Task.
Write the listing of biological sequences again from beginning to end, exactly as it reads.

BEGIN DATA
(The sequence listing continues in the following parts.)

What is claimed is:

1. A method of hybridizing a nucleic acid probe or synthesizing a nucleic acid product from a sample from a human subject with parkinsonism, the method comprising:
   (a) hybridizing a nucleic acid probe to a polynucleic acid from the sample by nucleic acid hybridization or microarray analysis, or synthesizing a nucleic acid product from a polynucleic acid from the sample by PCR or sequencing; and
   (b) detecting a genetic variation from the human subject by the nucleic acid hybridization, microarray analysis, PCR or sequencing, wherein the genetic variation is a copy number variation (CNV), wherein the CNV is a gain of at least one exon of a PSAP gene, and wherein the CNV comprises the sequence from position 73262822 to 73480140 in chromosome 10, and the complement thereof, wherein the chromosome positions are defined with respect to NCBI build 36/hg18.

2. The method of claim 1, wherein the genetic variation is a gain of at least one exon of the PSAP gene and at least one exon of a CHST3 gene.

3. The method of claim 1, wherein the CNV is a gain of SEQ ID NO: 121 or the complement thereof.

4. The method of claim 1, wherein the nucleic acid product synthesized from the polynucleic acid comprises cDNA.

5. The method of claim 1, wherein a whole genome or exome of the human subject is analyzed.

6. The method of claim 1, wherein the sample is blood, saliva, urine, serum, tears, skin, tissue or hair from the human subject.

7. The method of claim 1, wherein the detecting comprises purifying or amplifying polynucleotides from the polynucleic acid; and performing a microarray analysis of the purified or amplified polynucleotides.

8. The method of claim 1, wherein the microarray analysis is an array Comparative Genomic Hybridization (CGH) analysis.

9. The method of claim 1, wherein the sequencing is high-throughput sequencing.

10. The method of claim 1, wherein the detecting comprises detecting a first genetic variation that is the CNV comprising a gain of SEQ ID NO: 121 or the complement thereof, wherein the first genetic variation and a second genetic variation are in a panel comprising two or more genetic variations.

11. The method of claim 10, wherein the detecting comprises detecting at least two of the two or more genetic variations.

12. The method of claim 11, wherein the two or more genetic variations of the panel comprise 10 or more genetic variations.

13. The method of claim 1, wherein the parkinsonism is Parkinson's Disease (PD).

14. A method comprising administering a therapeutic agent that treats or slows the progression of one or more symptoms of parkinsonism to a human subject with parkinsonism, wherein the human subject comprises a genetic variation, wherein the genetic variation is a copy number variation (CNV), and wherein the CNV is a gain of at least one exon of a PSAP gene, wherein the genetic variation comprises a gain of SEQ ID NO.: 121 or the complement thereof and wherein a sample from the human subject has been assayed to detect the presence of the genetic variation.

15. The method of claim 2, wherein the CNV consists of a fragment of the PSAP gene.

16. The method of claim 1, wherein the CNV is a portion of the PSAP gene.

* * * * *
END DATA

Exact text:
(The sequence listing continues in the following parts.)

What is claimed is:

1. A method of hybridizing a nucleic acid probe or synthesizing a nucleic acid product from a sample from a human subject with parkinsonism, the method comprising:
   (a) hybridizing a nucleic acid probe to a polynucleic acid from the sample by nucleic acid hybridization or microarray analysis, or synthesizing a nucleic acid product from a polynucleic acid from the sample by PCR or sequencing; and
   (b) detecting a genetic variation from the human subject by the nucleic acid hybridization, microarray analysis, PCR or sequencing, wherein the genetic variation is a copy number variation (CNV), wherein the CNV is a gain of at least one exon of a PSAP gene, and wherein the CNV comprises the sequence from position 73262822 to 73480140 in chromosome 10, and the complement thereof, wherein the chromosome positions are defined with respect to NCBI build 36/hg18.

2. The method of claim 1, wherein the genetic variation is a gain of at least one exon of the PSAP gene and at least one exon of a CHST3 gene.

3. The method of claim 1, wherein the CNV is a gain of SEQ ID NO: 121 or the complement thereof.

4. The method of claim 1, wherein the nucleic acid product synthesized from the polynucleic acid comprises cDNA.

5. The method of claim 1, wherein a whole genome or exome of the human subject is analyzed.

6. The method of claim 1, wherein the sample is blood, saliva, urine, serum, tears, skin, tissue or hair from the human subject.

7. The method of claim 1, wherein the detecting comprises purifying or amplifying polynucleotides from the polynucleic acid; and performing a microarray analysis of the purified or amplified polynucleotides.

8. The method of claim 1, wherein the microarray analysis is an array Comparative Genomic Hybridization (CGH) analysis.

9. The method of claim 1, wherein the sequencing is high-throughput sequencing.

10. The method of claim 1, wherein the detecting comprises detecting a first genetic variation that is the CNV comprising a gain of SEQ ID NO: 121 or the complement thereof, wherein the first genetic variation and a second genetic variation are in a panel comprising two or more genetic variations.

11. The method of claim 10, wherein the detecting comprises detecting at least two of the two or more genetic variations.

12. The method of claim 11, wherein the two or more genetic variations of the panel comprise 10 or more genetic variations.

13. The method of claim 1, wherein the parkinsonism is Parkinson's Disease (PD).

14. A method comprising administering a therapeutic agent that treats or slows the progression of one or more symptoms of parkinsonism to a human subject with parkinsonism, wherein the human subject comprises a genetic variation, wherein the genetic variation is a copy number variation (CNV), and wherein the CNV is a gain of at least one exon of a PSAP gene, wherein the genetic variation comprises a gain of SEQ ID NO.: 121 or the complement thereof and wherein a sample from the human subject has been assayed to detect the presence of the genetic variation.

15. The method of claim 2, wherein the CNV consists of a fragment of the PSAP gene.

16. The method of claim 1, wherein the CNV is a portion of the PSAP gene.

* * * * *